Though I consume so many hours of media weekly, I still find it amazing when a movie or show has a moment that gets me teary eyed or inspired. For, to be honest, sometimes I just feel like I’m on autopilot but then there is Wednesday and Thursday morning when I usually watch The Bold…

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Though I consume so many hours of media weekly, I still find it amazing when a movie or show has a moment that gets me teary eyed or inspired. For, to be honest, sometimes I just feel like I’m on autopilot but then there is Wednesday and Thursday morning when I usually watch The Bold Type and Queen Sugar and I feel renewed.

For while there are certain elements of both which may not seem new, there is a richness to their characters, of very different worlds, which have this human quality. Not a character who has one storyline thrown at them after the next, but someone experiencing life. One you can find inspiration, empathy, and even a need to reflect due to watching.

Jane’s First Lawsuit: Jane, Richard


Morgyn Stanley (Amber Goldfarb) was a Wall Street banker who became a stripper. It isn’t necessarily 100% clear why, but she seems happy and empowered by this career change. However, being that stripping carries a stigma, besides being a lucrative job, Jane making an article about her which was a bit too revealing causes problems. The kind which got Morgyn’s kid kicked out of school.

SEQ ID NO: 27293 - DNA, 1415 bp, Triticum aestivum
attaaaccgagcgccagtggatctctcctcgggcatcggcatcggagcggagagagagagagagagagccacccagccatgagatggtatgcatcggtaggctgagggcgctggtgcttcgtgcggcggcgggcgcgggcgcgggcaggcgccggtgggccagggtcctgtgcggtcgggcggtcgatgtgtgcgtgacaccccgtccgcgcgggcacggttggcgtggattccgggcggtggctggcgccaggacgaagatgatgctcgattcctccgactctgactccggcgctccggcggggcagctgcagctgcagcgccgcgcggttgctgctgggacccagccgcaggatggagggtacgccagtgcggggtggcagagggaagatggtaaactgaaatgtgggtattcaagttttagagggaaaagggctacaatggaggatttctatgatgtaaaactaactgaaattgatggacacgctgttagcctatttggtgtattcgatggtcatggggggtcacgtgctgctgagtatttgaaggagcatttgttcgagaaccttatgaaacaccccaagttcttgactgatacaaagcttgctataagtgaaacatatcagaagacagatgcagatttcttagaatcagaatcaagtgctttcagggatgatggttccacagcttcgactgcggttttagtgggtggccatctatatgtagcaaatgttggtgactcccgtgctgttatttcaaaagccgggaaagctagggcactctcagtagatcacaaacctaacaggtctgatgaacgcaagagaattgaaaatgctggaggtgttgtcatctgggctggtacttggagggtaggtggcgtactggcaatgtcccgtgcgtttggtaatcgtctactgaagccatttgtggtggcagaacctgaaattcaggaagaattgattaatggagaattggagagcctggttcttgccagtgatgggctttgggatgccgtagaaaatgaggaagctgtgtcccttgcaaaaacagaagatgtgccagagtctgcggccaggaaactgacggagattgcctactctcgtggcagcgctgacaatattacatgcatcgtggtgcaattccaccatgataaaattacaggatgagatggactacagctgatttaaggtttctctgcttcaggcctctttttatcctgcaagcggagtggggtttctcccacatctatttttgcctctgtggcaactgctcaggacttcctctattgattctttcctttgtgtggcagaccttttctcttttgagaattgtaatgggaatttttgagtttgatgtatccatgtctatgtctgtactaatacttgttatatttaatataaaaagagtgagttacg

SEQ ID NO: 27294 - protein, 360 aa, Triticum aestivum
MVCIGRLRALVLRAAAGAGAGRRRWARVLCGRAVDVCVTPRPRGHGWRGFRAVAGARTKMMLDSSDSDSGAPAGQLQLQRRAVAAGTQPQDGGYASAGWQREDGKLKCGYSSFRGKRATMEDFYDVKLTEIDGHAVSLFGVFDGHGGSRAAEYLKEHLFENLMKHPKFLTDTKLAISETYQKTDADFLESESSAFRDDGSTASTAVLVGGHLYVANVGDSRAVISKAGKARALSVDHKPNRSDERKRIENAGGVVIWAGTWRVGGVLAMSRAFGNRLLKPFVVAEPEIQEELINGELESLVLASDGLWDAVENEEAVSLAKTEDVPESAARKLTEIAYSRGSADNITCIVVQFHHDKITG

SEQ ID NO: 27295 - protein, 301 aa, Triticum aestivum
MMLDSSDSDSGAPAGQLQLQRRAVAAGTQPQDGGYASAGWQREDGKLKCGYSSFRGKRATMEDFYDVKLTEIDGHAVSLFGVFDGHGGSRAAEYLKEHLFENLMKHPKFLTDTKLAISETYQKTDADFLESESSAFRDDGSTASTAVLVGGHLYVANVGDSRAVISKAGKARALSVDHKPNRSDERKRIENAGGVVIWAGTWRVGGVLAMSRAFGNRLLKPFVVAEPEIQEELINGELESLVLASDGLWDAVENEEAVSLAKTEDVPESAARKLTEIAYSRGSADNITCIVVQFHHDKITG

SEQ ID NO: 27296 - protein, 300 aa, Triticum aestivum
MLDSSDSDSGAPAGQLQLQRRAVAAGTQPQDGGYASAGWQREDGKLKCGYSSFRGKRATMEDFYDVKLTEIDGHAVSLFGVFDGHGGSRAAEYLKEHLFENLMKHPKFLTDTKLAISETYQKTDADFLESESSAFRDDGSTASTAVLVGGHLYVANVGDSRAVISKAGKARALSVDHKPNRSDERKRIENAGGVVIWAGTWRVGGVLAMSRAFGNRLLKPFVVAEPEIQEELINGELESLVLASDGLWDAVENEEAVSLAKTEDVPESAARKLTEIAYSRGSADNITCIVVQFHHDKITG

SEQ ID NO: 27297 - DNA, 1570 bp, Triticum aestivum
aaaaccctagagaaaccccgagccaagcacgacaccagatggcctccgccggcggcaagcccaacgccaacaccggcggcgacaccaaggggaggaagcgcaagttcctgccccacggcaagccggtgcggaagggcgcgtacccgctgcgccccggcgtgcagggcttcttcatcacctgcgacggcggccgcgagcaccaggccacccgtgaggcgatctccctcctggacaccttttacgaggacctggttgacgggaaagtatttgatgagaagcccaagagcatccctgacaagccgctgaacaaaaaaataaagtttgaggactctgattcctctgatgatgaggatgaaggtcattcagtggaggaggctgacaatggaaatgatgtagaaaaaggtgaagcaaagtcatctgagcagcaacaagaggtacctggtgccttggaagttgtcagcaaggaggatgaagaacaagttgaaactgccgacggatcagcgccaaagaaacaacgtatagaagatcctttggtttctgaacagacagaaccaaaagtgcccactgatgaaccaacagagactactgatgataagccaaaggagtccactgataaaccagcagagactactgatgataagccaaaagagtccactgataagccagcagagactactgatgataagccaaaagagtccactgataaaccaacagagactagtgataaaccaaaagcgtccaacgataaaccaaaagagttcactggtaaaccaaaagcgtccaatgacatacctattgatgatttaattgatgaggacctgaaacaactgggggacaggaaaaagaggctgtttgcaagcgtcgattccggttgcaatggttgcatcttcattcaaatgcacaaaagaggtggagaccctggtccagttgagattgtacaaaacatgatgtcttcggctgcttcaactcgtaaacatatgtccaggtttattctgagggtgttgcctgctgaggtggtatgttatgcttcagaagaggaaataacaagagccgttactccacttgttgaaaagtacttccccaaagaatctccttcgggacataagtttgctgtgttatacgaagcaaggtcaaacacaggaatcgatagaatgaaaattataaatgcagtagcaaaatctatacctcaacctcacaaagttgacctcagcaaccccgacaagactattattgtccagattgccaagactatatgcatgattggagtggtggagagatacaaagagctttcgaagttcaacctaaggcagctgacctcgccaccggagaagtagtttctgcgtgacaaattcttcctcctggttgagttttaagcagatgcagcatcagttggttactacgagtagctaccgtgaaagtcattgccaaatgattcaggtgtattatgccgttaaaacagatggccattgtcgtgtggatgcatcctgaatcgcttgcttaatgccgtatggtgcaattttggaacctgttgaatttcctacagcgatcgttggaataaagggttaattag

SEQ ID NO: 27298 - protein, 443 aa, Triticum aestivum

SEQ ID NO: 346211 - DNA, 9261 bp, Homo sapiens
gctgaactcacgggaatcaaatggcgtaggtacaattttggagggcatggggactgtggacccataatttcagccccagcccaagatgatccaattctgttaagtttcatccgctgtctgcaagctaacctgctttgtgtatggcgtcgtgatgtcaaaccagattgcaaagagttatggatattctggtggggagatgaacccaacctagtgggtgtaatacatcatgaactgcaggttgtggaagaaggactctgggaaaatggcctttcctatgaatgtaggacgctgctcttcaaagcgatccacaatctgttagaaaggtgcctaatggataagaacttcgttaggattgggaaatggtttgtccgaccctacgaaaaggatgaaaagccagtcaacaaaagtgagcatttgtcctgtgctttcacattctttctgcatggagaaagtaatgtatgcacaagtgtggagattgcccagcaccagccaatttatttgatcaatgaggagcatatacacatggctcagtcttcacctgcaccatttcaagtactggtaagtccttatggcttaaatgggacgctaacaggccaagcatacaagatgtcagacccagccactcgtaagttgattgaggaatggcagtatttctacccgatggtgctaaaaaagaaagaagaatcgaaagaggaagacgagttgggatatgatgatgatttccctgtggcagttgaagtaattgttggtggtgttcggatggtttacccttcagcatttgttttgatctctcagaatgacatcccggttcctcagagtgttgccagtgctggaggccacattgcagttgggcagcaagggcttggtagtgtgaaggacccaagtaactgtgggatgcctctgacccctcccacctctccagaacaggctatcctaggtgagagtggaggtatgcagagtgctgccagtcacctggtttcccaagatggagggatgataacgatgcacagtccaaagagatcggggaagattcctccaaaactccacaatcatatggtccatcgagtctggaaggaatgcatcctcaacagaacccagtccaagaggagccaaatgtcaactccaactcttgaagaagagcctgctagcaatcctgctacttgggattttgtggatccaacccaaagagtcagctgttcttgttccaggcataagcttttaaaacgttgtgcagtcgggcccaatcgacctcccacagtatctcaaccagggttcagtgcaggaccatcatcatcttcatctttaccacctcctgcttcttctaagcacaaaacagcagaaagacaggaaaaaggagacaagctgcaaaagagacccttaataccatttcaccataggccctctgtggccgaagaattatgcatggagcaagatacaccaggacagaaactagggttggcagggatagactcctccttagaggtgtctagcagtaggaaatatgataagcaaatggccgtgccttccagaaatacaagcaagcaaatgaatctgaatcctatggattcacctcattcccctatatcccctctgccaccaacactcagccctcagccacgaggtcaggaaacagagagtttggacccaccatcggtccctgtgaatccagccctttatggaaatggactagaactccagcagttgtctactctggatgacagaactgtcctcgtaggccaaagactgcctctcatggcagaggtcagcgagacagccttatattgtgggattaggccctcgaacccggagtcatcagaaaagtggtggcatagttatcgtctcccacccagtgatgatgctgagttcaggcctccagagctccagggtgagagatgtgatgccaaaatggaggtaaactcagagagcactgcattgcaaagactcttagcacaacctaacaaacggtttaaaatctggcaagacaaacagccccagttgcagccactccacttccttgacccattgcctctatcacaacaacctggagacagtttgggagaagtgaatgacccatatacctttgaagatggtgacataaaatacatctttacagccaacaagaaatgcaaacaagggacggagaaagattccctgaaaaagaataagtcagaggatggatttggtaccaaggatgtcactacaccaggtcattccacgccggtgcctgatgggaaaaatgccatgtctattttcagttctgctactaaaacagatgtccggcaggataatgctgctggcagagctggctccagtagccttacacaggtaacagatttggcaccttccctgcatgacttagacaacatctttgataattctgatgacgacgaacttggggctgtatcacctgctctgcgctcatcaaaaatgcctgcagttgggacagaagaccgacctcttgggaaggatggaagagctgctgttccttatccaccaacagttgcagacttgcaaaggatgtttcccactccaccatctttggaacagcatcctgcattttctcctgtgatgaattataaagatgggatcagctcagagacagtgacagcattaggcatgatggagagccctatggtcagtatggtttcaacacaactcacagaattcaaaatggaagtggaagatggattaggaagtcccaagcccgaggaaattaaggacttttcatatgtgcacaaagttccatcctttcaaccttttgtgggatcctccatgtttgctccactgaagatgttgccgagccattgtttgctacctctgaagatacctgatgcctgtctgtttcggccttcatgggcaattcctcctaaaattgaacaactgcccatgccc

With that, Morgyn sues Scarlet, Steinem, and Jane. Something Jane makes worse, at first, because she makes it about her. How she feels and what her intentions were. However, with time, she realizes the damage she did and apologizes. Which helps ease tensions a bit. Morgyn still gets money for a settlement, but at least the situation doesn’t go public with a trial.



Would it be rude to say I feel the show is injecting Jane into situations as if she is the lead character? For, as of now, I see this as an ensemble but with the way Jane is handled where, when she walks into a room, it becomes about her, it is starting to bother me. Such as her playing the comparison game with Kat and Sutton about who has the biggest problem going on. Which I get, is something that friends do, but something about the way Jane talks during the whole Morgyn Stanley thing is leading me to think she is just a little too full of herself. In the way that most people hate millennials.

A Leap of Faith: Kat, Adena